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Visualisation

Computing the visualisation of big complex data
We're developing new visual representation and visualisation methods for humans to find patterns in complex and abstract data sets.

Technological advances such as sensors have increased data volumes to the extent that we are now experiencing a “data deluge”, in which data is produced faster than it can be used by humans. 

Our research aims to develop new visual representation, visualisation and interaction methods for humans to find patterns in huge abstract data sets, especially network data sets.

These data sets include social networks, telephone call networks, biological networks, physical computer networks, stock buy-sell networks, and transport networks.

These new visualisation and interaction methods are in high demand by industry, and new algorithms will be used in the next generation visual analytic tools to enable analysts develop new insights and new knowledge of big complex data.

Visualisation connections graph

Our experts: Professor Seokhee Hong, Professor Peter Eades

Our partner: Professor Kwan-Liu Ma (UC Davis, USA)

Funding: Australian Research Council Discovery Grant (2018)

We're designing new sublinear algorithms for the visual analytics of extreme-scale networks, involving billions of nodes.

Based on algorithmics for graph drawing, integrating sublinear algorithms and distributed algorithms, our project will introduce new quality metrics for good visualisation of extreme-scale networks, design new sublinear-time algorithms to compute good visualisation, implement them in a distributed computing environment, and evaluate with a real world social network and biological network data sets.

The new algorithms produced by this project will be used in the next generation visual analytic tools for extreme-scale data to enable analysts develop new insights and new knowledge of extreme-scale data.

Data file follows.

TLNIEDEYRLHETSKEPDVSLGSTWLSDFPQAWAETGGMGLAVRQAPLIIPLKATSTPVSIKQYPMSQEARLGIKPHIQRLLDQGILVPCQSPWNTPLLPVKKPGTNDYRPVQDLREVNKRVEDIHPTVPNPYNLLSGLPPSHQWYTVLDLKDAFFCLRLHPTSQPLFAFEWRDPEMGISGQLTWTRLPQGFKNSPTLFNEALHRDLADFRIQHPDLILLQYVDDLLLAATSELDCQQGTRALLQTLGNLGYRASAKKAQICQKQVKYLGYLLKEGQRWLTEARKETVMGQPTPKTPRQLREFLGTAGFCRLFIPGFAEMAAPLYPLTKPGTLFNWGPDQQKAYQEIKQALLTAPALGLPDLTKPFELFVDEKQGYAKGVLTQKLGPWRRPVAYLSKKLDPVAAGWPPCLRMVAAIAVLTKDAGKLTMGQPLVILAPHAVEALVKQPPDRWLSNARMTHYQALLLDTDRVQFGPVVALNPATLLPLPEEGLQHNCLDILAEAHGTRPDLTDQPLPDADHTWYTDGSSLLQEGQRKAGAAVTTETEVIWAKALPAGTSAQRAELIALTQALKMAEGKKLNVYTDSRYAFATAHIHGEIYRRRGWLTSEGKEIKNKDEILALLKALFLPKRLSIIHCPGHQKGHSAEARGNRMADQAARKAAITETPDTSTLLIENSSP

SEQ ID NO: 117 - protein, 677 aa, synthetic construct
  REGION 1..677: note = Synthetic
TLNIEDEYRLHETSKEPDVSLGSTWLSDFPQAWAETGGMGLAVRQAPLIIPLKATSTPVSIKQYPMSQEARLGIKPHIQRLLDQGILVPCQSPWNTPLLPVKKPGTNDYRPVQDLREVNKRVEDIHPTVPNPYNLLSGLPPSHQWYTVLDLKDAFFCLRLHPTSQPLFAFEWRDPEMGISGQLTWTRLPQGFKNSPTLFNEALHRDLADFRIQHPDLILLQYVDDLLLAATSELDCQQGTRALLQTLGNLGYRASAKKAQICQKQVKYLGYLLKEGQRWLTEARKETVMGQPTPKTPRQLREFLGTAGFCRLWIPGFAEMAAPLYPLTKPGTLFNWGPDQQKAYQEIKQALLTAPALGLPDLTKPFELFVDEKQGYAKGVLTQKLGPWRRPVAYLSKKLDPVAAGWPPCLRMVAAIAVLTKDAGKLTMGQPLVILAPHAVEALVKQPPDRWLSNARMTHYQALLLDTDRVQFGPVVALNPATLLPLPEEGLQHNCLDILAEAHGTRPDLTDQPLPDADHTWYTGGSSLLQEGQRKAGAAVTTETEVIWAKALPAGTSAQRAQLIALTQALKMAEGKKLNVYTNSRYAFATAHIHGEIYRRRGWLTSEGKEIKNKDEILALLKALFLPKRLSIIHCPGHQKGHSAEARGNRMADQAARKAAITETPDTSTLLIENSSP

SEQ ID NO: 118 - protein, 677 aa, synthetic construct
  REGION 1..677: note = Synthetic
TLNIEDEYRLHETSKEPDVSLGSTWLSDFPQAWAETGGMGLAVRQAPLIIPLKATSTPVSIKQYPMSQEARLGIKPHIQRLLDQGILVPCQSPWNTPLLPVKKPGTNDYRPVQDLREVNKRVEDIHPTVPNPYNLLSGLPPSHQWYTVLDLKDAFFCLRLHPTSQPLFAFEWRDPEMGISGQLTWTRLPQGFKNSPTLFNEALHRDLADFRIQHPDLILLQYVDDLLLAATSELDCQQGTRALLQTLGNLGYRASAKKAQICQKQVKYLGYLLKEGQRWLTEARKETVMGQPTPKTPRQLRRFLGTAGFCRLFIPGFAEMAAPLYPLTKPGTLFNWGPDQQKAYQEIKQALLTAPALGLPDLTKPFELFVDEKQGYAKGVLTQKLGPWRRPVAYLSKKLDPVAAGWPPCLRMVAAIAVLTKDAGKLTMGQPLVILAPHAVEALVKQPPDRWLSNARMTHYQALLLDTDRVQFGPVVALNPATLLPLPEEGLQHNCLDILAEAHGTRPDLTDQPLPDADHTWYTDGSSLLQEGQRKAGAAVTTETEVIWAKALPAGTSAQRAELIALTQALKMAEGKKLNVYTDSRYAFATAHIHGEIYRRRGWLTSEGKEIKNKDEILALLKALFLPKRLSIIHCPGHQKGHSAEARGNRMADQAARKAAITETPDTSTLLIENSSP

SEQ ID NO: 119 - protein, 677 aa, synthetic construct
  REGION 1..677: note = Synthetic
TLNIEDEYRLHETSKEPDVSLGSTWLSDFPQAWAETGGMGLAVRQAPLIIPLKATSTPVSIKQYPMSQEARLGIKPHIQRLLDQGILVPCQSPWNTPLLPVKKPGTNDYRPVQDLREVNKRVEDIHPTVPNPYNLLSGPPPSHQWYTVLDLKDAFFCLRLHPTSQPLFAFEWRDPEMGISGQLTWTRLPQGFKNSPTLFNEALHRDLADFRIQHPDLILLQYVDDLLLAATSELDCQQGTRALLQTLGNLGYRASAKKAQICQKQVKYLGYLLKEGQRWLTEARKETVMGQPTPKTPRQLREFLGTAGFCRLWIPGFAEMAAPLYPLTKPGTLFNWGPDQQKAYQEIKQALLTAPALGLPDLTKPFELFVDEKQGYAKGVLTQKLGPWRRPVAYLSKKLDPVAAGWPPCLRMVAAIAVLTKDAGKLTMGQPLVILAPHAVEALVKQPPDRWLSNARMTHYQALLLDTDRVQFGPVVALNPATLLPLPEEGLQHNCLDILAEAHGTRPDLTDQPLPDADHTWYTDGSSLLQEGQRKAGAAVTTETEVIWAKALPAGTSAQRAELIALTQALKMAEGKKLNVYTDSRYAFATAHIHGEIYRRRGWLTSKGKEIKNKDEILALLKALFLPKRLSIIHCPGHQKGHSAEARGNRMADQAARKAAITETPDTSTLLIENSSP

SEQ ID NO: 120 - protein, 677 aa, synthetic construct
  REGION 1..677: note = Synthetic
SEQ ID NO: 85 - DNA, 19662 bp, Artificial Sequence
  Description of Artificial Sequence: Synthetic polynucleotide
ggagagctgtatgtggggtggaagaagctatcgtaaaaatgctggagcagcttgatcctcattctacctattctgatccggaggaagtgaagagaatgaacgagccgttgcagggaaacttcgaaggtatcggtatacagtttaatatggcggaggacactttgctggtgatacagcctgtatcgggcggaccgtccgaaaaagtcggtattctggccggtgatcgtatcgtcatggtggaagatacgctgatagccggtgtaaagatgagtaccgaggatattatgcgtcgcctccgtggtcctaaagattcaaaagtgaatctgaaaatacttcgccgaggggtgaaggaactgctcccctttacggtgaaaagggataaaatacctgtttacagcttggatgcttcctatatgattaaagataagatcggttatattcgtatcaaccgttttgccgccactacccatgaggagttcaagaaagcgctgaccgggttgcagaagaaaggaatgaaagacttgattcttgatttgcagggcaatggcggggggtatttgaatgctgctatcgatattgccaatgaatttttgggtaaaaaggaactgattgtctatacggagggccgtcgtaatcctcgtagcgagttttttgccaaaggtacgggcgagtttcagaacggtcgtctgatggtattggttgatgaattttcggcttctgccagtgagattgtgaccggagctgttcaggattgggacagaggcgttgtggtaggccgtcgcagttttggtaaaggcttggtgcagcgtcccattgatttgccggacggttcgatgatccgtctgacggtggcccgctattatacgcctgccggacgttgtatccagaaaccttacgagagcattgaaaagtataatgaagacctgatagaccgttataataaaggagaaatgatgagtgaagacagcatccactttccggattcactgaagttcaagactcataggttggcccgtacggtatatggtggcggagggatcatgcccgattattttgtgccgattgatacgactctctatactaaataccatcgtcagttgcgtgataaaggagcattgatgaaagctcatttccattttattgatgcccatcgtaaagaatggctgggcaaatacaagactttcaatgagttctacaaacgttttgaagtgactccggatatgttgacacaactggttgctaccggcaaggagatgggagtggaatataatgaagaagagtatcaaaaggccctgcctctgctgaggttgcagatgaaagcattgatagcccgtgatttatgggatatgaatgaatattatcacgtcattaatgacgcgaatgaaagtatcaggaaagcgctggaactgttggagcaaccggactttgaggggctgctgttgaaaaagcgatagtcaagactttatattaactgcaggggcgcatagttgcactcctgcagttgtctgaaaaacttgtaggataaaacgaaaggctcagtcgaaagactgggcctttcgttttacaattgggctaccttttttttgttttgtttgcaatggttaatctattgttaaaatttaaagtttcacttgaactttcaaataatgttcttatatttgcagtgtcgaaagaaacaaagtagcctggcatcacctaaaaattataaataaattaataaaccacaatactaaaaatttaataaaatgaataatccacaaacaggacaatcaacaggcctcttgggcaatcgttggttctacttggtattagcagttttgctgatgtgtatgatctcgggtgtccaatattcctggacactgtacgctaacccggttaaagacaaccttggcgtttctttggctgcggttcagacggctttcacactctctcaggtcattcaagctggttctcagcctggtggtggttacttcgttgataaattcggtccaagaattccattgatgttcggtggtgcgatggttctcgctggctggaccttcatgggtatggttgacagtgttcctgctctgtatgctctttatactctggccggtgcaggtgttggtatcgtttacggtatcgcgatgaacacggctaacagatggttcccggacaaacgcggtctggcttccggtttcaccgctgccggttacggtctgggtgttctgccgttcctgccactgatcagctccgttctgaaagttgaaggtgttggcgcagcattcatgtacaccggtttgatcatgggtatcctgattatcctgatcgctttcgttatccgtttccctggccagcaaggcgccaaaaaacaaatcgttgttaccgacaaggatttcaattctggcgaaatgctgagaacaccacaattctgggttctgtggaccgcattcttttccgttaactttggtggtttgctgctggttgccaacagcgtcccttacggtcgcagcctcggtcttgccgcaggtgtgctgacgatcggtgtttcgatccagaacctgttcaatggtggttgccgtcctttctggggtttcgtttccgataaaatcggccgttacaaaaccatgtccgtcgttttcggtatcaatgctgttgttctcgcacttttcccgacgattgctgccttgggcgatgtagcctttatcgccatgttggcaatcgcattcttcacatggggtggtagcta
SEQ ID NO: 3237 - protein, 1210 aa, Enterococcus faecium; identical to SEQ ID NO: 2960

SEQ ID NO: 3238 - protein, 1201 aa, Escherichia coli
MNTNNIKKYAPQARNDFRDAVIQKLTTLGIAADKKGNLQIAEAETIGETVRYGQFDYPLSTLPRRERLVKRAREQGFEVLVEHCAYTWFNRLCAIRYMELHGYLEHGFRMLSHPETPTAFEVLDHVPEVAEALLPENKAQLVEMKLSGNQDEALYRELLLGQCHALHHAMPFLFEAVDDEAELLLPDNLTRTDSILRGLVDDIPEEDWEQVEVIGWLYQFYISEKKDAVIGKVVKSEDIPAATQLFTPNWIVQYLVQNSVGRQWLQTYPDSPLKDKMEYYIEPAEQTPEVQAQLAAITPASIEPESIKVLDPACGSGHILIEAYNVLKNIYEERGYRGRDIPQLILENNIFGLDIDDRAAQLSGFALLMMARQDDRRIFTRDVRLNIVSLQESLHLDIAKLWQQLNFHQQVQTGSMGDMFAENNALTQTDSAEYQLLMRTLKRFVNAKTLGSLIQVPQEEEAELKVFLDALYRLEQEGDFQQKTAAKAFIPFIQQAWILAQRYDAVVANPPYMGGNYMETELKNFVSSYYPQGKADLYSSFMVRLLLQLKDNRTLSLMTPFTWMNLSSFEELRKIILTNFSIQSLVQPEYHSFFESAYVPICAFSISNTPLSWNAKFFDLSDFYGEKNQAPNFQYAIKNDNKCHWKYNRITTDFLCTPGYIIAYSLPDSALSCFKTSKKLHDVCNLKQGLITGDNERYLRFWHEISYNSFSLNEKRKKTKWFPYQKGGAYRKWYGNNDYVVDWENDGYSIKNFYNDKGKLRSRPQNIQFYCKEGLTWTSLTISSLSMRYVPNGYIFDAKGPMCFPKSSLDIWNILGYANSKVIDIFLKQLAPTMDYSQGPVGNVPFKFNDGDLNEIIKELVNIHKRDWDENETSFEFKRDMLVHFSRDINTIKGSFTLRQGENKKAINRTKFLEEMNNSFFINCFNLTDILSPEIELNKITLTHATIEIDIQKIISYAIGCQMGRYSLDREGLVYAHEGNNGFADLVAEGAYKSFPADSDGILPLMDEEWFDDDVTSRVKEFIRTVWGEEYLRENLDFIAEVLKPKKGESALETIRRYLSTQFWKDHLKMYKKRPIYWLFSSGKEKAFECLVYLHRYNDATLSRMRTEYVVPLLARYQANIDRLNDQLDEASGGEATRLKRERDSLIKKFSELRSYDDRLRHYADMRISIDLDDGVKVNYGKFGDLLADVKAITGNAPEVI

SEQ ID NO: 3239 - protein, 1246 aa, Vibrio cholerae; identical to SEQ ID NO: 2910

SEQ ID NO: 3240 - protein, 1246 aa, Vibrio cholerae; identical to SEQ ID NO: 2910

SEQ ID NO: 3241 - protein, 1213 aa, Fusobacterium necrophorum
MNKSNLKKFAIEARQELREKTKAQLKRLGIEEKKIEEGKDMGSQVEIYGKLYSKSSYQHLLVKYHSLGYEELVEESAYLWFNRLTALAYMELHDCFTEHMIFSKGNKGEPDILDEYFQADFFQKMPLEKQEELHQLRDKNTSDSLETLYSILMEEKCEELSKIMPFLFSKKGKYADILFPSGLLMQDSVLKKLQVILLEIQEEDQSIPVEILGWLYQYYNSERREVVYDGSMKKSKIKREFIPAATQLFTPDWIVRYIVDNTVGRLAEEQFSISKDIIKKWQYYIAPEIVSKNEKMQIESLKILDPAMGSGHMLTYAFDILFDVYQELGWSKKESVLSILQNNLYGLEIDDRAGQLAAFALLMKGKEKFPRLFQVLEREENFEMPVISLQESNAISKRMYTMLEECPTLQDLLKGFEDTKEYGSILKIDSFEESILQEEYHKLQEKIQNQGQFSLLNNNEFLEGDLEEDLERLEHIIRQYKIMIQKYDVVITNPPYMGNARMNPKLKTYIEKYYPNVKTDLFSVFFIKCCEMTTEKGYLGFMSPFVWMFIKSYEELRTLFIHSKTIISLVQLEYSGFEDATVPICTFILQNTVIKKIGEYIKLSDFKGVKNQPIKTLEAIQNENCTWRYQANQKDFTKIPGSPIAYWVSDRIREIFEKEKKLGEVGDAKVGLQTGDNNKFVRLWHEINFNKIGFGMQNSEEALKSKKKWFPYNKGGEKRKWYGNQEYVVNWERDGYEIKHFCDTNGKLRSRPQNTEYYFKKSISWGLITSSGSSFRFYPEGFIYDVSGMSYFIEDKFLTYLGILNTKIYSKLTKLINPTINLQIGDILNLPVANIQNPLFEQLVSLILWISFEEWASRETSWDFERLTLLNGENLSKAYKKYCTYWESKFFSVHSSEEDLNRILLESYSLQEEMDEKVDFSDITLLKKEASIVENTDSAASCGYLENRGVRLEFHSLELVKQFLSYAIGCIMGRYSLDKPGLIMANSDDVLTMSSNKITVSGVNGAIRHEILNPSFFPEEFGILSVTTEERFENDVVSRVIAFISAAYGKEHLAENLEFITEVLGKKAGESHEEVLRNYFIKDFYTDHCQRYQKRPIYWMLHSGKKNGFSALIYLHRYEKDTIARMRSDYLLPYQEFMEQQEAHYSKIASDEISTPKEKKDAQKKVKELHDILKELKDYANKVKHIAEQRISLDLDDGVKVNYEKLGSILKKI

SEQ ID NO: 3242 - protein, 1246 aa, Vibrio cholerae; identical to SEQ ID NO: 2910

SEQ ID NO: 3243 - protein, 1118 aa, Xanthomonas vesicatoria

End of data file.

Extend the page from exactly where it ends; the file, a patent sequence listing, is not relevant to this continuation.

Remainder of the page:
Our experts: Professor Seokhee Hong, Professor Peter Eades

Our partner: Professor Daniel Keim (University of Konstanz, Germany)

Funding: Australian Research Council Discovery Grant (2019)

We aim to deliver new models, metrics and algorithms for Faithful Visual Analytics of complex data. For a purported visual representation of some data, "faithfulness" measures how accurately the visual representation describes the data.

We will develop new models for Faithful Visual Analytics, design new faithfulness metrics for faithful visual analytics of complex networks, design new algorithms to compute faithful visualisations, and evaluate using real world social network and biological network data sets.

The new models, metrics and algorithms produced by this project will be used in the next generation Visual Analytic tools to enable analysts develop accurate insights and new knowledge of complex data.

Our expert: Professor Seokhee Hong, Professor Peter Eades

Our partner: Oracle Research Lab

Funding: Australian Research Council Linkage Grant (2017)

Recent years have seen an explosion in the amount of network data available: software systems, social networks and biological systems have millions of nodes and billions of edges.

The data is complex, as nodes and edges have multivariate attributes. Exploiting such data sets is hard due to its size and complexity – using current methods, a normal person cannot even deal with a fraction of the data. More efficient ways to understand the data are needed. 

We propose to design, implement and evaluate new visualisation methods that scale well with the size of today’s and future (larger) data sets. In common language, a picture is worth a thousand words.

We aim to create such pictures for massive multivariate network data sets. Our project will create new methods for the visual analysis of massive multivariate networks such as complex software systems, social networks, and biological systems.

The results of our project will be used by industry companies in software development, biotechnology, and security, to exploit of their data, by enabling new visualisation methods that allow humans to understand the data.